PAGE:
In 2011, the main objectives of TTAASAG will be to:

  • Continue to monitor and provide guidance on regulation and reforms in Australia and New Zealand to enable the financial reporting policy outcomes agreed upon by both governments to be achieved within the proposed timeframes. Specifically TTAASAG will continue to provide advice and guidance on the proposed reform of the financial reporting framework in New Zealand. These reforms aim to further align the financial reporting and audit regulation frameworks in both countries in line with the outcome statements. TTAASAG will also maintain close contact with the Trans Tasman Outcomes Implementation Group regarding these outcomes;
  • Facilitate the implementation of cross-appointment arrangements between the audit and assurance standard-setting bodies in Australia and New Zealand. The New Zealand accounting and auditing standard-setting framework is scheduled to change to a system that is more aligned with Australia. This represents an optimal time to establish cross appointments;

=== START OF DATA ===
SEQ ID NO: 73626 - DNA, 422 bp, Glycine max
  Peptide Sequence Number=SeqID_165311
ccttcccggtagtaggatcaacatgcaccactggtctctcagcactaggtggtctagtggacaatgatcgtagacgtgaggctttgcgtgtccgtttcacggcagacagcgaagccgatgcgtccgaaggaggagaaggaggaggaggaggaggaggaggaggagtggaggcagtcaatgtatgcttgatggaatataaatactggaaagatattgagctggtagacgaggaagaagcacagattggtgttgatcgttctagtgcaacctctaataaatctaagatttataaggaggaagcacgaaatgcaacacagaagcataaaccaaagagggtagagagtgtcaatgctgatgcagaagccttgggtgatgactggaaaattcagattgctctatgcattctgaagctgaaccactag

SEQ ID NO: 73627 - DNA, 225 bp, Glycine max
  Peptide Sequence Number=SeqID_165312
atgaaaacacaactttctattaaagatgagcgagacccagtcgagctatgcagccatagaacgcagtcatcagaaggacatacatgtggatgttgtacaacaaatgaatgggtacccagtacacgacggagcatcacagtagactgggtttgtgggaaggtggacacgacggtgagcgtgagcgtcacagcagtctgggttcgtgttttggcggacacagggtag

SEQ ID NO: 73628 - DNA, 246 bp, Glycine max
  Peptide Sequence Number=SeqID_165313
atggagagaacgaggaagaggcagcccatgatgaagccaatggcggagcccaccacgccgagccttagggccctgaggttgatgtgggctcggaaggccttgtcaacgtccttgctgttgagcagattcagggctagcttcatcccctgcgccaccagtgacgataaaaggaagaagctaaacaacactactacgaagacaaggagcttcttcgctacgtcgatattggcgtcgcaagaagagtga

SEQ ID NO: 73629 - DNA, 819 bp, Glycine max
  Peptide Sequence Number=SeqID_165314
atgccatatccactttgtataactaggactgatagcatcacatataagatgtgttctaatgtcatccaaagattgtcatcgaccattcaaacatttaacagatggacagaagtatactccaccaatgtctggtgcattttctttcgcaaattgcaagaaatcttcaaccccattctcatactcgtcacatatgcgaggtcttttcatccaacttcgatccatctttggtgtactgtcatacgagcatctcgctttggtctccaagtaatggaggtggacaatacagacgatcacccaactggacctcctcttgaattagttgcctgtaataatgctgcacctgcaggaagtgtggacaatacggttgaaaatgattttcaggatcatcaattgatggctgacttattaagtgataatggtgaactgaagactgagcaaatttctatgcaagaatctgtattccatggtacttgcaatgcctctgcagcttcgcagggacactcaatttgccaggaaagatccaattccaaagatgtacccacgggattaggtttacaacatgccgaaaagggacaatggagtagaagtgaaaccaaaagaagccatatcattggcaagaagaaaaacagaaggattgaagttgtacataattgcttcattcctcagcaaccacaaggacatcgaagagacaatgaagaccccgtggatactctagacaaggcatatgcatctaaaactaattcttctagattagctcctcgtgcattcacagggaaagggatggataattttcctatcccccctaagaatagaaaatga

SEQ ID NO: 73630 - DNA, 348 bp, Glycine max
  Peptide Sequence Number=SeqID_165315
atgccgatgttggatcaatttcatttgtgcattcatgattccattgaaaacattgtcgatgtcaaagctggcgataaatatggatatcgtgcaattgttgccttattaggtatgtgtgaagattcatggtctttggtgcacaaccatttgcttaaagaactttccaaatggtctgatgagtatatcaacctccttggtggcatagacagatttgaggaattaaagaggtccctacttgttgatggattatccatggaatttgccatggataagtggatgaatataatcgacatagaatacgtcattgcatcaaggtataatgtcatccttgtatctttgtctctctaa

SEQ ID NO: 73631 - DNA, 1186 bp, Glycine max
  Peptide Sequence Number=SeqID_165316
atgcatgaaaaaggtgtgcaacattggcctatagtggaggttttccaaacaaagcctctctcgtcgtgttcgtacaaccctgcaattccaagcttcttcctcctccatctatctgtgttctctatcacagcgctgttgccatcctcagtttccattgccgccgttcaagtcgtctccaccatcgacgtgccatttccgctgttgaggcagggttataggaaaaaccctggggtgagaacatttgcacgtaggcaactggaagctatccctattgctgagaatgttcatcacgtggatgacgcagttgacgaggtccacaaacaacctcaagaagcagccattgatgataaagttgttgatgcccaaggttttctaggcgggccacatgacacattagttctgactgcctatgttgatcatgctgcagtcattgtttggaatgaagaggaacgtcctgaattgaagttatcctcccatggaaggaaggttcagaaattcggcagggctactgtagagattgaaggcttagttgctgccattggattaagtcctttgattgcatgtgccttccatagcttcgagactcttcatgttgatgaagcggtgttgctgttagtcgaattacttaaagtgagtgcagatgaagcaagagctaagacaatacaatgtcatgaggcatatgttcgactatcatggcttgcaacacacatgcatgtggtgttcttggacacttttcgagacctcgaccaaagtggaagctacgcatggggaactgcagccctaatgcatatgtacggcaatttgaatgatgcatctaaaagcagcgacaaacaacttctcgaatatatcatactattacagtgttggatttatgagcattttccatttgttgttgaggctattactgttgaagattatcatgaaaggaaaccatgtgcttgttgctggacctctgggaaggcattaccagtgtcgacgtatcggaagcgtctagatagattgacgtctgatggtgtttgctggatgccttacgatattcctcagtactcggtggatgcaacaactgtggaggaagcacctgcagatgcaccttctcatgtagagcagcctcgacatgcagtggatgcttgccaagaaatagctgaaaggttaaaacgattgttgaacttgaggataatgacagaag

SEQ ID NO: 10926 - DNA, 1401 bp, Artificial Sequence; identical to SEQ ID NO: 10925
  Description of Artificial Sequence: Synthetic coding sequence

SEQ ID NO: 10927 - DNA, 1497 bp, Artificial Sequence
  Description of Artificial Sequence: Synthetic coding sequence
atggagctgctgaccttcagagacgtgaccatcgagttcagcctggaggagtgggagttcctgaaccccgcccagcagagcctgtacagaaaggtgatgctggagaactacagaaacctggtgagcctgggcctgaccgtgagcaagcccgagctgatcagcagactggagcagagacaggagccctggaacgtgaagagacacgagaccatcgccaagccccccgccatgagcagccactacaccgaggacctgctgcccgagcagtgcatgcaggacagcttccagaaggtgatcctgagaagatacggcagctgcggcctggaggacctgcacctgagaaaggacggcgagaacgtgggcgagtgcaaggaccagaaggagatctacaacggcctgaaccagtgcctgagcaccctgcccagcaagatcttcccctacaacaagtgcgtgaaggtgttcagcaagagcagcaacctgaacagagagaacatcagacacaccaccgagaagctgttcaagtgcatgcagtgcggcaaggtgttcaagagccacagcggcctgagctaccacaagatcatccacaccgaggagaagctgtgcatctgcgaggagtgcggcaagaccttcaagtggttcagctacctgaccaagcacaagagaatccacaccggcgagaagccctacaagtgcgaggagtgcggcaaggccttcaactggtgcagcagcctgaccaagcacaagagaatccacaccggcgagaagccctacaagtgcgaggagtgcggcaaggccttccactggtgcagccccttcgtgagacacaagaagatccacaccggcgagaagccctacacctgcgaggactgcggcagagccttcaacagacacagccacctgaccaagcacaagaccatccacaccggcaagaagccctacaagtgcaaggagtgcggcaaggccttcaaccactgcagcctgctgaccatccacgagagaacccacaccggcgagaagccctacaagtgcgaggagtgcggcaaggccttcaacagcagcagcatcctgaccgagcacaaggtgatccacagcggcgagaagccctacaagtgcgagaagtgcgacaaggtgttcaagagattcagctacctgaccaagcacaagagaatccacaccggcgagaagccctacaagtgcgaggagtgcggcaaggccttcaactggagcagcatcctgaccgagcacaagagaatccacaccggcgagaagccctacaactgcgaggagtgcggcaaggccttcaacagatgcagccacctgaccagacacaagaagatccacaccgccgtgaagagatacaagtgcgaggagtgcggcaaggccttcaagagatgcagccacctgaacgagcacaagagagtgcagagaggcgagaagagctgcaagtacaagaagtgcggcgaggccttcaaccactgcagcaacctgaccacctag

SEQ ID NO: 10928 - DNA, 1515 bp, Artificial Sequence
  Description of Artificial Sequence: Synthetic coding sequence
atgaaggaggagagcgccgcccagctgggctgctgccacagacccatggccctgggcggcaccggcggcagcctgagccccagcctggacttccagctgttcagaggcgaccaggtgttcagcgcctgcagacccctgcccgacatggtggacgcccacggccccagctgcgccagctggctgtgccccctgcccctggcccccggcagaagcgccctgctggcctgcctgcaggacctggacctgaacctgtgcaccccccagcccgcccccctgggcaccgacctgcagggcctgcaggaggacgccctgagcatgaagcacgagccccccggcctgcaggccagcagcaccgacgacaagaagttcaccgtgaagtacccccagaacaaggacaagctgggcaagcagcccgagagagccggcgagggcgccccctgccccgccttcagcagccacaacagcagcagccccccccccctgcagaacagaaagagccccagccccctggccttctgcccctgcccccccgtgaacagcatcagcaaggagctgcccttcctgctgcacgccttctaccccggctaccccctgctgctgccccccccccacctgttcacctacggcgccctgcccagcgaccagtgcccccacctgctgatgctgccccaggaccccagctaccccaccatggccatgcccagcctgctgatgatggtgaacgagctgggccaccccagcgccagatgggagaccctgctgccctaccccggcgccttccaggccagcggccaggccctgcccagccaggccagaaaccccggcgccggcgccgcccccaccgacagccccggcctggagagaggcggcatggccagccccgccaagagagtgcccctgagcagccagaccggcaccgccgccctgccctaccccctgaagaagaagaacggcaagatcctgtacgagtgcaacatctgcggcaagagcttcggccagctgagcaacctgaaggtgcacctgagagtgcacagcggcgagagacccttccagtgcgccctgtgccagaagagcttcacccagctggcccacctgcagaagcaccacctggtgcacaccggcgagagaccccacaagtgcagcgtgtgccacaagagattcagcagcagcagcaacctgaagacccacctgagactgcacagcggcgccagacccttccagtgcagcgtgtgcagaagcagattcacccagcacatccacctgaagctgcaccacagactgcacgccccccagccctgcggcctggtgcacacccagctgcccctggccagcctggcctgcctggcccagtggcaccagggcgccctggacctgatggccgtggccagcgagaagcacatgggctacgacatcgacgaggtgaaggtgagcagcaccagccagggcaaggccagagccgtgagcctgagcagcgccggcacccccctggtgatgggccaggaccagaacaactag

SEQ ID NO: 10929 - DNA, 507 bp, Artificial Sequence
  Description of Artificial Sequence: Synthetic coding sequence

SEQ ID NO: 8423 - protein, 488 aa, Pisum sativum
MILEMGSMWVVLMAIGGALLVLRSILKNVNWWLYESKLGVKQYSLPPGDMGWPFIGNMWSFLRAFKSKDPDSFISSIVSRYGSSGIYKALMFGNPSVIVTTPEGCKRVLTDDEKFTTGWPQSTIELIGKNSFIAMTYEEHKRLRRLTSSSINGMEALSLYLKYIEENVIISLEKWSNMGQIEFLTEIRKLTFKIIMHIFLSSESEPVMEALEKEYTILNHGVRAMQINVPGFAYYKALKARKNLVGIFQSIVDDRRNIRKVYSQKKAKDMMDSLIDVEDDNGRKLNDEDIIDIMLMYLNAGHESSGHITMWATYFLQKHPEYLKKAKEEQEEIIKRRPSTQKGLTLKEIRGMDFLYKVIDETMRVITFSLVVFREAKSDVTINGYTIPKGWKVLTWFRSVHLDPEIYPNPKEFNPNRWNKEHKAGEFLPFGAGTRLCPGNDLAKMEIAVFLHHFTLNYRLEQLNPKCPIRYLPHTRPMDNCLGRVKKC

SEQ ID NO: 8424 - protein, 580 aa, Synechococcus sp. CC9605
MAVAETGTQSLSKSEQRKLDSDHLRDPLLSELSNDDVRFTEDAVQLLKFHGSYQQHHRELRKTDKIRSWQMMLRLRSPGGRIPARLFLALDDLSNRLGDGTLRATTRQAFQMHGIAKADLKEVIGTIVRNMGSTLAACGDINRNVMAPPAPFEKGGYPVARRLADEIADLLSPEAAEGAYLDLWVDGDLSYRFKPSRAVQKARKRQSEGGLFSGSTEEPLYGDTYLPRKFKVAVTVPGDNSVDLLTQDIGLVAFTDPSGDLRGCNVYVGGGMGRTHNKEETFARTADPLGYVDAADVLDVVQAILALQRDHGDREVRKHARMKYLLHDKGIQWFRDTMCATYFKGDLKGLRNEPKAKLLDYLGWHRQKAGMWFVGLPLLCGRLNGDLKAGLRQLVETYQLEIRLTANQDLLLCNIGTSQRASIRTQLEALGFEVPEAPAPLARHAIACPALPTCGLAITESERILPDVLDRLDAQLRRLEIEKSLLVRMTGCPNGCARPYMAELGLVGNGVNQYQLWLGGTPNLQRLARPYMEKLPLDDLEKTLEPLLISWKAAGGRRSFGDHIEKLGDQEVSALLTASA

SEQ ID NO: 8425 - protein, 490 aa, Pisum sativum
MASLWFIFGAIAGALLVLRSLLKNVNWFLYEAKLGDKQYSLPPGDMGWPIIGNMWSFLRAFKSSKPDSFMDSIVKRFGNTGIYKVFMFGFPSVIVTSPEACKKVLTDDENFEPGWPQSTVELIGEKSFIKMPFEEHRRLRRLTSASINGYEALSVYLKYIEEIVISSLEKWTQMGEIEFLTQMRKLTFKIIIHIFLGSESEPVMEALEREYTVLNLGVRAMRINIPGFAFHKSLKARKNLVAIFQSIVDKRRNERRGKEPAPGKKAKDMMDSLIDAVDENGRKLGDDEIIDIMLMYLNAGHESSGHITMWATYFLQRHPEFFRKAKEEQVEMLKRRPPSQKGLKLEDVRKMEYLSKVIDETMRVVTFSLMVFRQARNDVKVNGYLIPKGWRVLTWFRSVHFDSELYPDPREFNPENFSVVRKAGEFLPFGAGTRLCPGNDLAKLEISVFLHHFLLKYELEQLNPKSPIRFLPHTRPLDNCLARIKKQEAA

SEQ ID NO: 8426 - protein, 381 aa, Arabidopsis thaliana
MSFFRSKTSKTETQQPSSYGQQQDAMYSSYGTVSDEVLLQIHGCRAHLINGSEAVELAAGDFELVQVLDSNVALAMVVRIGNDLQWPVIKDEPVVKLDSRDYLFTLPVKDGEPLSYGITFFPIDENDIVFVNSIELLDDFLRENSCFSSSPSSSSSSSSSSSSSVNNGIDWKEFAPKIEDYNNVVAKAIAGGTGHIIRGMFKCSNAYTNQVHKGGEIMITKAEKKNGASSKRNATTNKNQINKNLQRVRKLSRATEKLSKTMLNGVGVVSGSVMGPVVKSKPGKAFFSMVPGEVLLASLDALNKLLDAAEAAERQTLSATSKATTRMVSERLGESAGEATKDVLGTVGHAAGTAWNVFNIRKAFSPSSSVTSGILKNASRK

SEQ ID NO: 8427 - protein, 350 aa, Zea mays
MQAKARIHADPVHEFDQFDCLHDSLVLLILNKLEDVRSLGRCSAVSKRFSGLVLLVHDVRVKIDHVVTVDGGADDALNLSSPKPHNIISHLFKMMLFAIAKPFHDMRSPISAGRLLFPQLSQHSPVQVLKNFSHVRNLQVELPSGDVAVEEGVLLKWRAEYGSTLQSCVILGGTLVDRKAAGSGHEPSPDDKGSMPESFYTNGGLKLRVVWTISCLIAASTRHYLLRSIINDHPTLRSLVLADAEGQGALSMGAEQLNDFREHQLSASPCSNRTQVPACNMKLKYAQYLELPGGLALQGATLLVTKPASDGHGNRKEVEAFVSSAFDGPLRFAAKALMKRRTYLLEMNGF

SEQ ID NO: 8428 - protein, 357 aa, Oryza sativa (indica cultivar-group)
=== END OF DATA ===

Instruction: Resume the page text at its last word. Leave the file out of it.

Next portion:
• Support increased engagement with and within the Asia-Pacific region and working to enhance the presence and influence of Australia and New Zealand through TTAASAG members attending and contributing to the International Financial Reporting Standards Regional Policy Forum held in Indonesia in May 2011 and supporting Australia and New Zealand's contribution to the Asian Oceania Standard Setters Group;2 and
  • Continue to enhance the profile and influence of Australia and New Zealand in the international arena through the work of the TTAASAG's Nominations Subcommittee. In 2011, the Subcommittee will continue to identify and support suitable candidates, and continue to invite presenters from international bodies to TTAASAG meetings.

3. Background